RemoteWorks

How to improve your meetings

Before you hit that Google Calendar button, ask yourself: is a meeting really the best way to accomplish my goal?

Angela Guedes

If we ask this question — how to improve meetings — most answers will be centered around these four ideas: create a clear agenda, send supporting material ahead of the meeting, only invite those that need to be there, and end the meeting with clear next steps.

All great ideas that will certainly improve your meetings. But we still believe they fall short and don’t tackle the main problem with meetings and the bad rep they get: making meetings the default channel to share work and get feedback.

Before you hit that Google Calendar button, ask yourself: is a meeting really the best way to accomplish my goal? We believe in most situations it isn’t. The best way to know for sure? Default to asynchronous collaboration.

What is asynchronous collaboration?

Asynchronous collaboration is when two or more people work on the same project without it happening in real-time. Everyone can contribute, share ideas, and feedback on their own time, without the need to schedule a meeting or engage in a live chat.

One way to do it is with written communication tools, like emails, Google documents, or knowledge-sharing tools like Notion. But soon you realize some things are difficult to put into written words or could be easily misunderstood. In these situations, record a video and do a quick screen sharing. Video is powerful to give context and explain things with clarity. And by screen sharing you can easily walk your team through your work.

The added benefit is that your team will have time to think about the feedback they want to give and questions they want to ask, instead of forming an opinion on the spot. So it also improves the quality of the feedback you receive compared to feedback shared in a meeting.

We're building Claap for exactly this. Our video annotation feature allows you to draw on the screen to add comments as if you’re pointing at it. By enabling an asynchronous discussion, most of the Q&A happens async. In the end, you might realize you have nothing left to discuss and a meeting isn’t necessary.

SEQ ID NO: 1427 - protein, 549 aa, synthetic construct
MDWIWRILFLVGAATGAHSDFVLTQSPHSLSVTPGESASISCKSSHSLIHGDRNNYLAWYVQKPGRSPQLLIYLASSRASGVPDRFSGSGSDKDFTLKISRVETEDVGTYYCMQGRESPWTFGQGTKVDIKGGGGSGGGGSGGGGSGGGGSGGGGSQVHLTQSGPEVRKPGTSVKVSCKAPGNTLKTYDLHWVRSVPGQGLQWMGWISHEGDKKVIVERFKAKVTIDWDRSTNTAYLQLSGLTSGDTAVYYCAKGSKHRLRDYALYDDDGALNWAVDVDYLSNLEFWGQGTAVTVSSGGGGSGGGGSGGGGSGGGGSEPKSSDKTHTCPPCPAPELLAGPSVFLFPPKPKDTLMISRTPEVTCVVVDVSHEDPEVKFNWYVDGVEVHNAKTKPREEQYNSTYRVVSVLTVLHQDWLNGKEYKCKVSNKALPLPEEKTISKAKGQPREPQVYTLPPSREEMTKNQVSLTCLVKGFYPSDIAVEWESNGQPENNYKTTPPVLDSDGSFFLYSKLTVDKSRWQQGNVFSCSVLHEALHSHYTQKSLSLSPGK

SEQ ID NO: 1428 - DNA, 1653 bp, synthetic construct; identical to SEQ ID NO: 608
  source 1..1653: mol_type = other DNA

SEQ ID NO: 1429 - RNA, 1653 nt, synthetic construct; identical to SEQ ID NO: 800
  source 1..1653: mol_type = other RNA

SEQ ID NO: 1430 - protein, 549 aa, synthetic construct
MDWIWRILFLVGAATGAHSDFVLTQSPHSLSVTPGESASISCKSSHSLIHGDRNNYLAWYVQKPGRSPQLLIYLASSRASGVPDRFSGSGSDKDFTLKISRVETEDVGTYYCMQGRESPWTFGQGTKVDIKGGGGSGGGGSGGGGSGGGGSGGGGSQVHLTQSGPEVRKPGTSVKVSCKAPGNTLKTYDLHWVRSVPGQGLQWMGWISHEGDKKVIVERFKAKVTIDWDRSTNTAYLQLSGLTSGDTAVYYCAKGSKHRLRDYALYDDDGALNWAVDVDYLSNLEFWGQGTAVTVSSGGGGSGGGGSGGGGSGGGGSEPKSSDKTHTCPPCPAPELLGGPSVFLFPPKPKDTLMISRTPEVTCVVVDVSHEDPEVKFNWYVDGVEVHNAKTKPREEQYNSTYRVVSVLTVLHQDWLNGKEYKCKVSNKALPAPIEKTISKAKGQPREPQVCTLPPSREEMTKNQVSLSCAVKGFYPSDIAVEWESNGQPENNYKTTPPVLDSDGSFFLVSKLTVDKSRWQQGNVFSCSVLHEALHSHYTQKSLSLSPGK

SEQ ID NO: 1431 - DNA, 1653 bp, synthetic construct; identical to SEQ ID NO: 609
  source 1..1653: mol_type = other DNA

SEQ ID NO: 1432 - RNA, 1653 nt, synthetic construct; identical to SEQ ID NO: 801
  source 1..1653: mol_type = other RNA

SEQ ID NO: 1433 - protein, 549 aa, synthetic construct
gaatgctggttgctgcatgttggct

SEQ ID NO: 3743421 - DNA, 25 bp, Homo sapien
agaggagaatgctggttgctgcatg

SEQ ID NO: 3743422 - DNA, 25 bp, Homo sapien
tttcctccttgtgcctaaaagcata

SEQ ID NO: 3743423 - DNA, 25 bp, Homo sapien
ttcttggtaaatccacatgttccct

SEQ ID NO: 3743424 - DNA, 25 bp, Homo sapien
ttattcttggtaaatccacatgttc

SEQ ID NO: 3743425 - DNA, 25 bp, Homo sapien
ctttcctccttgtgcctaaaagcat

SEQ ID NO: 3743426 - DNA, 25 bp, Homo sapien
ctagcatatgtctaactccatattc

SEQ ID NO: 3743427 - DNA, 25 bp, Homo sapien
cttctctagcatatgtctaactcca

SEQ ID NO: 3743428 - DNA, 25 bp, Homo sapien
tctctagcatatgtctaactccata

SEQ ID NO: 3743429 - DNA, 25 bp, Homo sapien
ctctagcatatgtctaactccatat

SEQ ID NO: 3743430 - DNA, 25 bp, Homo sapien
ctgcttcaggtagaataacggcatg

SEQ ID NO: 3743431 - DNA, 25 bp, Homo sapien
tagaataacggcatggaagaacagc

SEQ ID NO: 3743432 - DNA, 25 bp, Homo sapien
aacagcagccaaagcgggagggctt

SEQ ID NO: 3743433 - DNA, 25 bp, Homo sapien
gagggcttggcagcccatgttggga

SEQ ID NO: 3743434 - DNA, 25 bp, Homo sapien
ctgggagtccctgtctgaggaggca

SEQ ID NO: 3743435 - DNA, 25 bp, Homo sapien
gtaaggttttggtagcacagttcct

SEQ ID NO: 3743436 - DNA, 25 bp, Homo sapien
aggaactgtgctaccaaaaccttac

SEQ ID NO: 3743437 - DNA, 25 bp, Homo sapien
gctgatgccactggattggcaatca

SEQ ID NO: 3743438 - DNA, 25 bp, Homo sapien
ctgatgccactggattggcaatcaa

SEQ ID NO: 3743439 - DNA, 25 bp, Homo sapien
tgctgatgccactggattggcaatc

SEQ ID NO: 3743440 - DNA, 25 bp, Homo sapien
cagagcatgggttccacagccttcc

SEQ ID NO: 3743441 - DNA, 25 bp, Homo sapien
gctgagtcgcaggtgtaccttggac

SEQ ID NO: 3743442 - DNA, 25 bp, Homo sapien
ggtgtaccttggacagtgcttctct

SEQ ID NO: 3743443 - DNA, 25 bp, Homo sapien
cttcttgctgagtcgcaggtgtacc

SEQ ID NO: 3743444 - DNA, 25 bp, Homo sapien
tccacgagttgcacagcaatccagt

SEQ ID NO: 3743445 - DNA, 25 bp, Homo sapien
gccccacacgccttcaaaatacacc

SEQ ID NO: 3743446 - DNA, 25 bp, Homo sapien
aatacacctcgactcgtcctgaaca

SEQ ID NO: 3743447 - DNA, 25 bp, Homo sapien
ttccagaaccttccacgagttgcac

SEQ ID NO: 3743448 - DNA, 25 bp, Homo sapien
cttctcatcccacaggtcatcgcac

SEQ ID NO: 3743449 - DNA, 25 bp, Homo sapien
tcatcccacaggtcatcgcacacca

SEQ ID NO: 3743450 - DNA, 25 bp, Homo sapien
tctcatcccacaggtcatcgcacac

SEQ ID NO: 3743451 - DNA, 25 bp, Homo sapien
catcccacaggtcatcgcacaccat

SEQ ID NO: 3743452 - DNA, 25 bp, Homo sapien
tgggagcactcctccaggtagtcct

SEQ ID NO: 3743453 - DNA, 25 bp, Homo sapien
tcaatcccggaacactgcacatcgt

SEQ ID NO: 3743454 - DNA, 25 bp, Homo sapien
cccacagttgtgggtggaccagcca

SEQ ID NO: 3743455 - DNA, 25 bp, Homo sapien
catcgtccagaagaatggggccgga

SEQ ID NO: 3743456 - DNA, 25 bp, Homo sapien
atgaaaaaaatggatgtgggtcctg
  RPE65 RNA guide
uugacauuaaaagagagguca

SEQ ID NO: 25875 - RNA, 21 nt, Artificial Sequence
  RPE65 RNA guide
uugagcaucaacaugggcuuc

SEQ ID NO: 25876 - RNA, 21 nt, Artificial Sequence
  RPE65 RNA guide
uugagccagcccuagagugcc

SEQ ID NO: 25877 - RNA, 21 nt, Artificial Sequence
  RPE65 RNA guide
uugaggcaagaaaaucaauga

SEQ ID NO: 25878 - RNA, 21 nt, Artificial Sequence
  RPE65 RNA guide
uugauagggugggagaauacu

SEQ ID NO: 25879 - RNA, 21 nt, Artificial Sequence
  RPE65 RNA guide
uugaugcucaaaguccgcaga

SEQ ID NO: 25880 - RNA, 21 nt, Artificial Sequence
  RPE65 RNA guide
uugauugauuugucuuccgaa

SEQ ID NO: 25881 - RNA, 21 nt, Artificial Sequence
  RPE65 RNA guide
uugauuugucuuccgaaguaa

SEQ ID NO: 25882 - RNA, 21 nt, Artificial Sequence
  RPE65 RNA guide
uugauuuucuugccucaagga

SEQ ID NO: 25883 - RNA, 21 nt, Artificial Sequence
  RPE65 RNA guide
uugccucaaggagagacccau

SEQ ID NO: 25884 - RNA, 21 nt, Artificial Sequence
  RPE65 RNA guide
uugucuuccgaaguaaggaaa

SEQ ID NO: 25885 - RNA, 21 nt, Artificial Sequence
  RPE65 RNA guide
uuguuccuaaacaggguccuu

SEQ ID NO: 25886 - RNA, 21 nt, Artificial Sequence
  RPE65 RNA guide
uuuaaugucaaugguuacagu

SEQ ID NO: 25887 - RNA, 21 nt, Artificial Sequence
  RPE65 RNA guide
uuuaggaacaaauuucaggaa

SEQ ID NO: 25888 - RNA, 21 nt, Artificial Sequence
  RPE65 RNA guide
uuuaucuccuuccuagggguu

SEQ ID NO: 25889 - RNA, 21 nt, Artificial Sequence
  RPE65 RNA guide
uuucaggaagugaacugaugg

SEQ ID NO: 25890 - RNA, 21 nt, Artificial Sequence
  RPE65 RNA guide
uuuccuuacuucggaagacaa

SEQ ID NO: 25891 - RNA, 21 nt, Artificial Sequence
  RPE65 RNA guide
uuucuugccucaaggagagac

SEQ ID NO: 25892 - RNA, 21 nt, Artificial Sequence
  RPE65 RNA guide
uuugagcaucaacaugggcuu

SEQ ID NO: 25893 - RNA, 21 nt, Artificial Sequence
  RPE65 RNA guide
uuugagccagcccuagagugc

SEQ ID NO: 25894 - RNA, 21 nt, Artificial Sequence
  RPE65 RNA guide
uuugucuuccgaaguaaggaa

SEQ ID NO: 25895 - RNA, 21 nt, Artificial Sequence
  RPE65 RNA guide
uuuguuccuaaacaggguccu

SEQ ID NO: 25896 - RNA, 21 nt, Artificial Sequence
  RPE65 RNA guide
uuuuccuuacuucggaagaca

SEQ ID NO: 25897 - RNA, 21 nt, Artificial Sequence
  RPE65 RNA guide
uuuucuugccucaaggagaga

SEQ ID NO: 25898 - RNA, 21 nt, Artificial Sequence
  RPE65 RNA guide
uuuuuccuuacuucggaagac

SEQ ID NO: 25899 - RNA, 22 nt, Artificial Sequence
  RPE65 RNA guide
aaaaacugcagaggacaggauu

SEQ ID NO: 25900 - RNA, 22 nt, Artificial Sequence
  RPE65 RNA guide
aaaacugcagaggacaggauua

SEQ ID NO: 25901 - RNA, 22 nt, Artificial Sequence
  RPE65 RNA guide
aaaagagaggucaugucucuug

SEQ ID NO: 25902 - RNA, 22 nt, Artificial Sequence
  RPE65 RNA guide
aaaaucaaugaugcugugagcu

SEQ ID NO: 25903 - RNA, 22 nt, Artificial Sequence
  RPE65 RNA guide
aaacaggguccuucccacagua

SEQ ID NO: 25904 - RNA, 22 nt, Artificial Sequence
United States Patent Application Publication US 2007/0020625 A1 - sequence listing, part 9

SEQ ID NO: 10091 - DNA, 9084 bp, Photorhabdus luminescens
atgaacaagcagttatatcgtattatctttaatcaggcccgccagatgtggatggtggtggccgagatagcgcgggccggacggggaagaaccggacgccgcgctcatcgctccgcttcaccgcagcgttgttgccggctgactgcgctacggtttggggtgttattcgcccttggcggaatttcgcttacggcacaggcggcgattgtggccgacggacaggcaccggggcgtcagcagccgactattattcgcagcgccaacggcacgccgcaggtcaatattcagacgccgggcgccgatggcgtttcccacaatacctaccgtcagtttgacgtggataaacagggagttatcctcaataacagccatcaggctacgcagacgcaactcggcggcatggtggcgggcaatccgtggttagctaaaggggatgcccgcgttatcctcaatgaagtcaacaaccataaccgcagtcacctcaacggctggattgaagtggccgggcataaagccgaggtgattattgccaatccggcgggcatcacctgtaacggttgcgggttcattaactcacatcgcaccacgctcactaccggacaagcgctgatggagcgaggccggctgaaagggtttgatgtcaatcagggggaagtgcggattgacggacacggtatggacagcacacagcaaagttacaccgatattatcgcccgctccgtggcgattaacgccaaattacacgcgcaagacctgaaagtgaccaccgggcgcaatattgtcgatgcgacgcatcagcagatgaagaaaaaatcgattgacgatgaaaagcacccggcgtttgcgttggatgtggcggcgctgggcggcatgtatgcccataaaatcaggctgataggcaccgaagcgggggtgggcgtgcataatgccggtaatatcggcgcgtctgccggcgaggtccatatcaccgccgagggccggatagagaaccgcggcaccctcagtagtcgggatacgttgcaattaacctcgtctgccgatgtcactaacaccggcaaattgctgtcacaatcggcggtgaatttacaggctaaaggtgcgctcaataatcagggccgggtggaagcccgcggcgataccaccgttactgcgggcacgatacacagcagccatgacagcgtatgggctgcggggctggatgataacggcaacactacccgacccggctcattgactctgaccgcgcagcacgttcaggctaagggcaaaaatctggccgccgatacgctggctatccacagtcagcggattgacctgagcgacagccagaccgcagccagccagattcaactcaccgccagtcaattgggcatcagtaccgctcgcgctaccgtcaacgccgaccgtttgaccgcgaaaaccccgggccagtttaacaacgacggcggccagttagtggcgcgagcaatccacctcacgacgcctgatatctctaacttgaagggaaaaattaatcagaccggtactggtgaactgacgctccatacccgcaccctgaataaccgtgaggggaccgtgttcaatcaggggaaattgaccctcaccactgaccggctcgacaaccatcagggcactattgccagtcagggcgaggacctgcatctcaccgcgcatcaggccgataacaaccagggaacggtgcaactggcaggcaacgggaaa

4 benefits of asynchronous video collaboration

The main benefits of defaulting to asynchronous video collaboration are:

  1. You'll be able to stay on topic and explain your points without interruptions. This is very hard to do in a meeting because you will be interrupted and others will start side conversations. But when on video, your team cannot change the topic and is forced to focus on what they see.
  2. Your team will be able to think about the feedback they want to give. Instead of forming an opinion on the spot and being interrupted, they can structure their thoughts and give you thoughtful feedback.
  3. Let your colleagues ask questions, directly in the video. That's the beauty of our most beloved feature—video annotation. Stop the madness of asking questions in Slack or, worse, bringing them into the meeting and wasting precious time.
  4. Everyone will save time. You present in 10-min or less, your team spends another 10 to give you feedback, and because you don’t have to wait for days to book a meeting, projects will actually move faster.

When is a meeting necessary?

In some situations, a meeting is unavoidable and actually the best option. These are the situations when you need to solve complex problems, brainstorm, and foster human connections. A great example is 1/1 meetings. They are essential in a manager/direct report relationship, to provide coaching, work on career development and boost engagement. Yet we fill them with project updates and KPIs reporting. This is where sending a claap video first helps you improve your 1/1 meeting. When you do meet, everyone has full context and you can focus on the most complex points.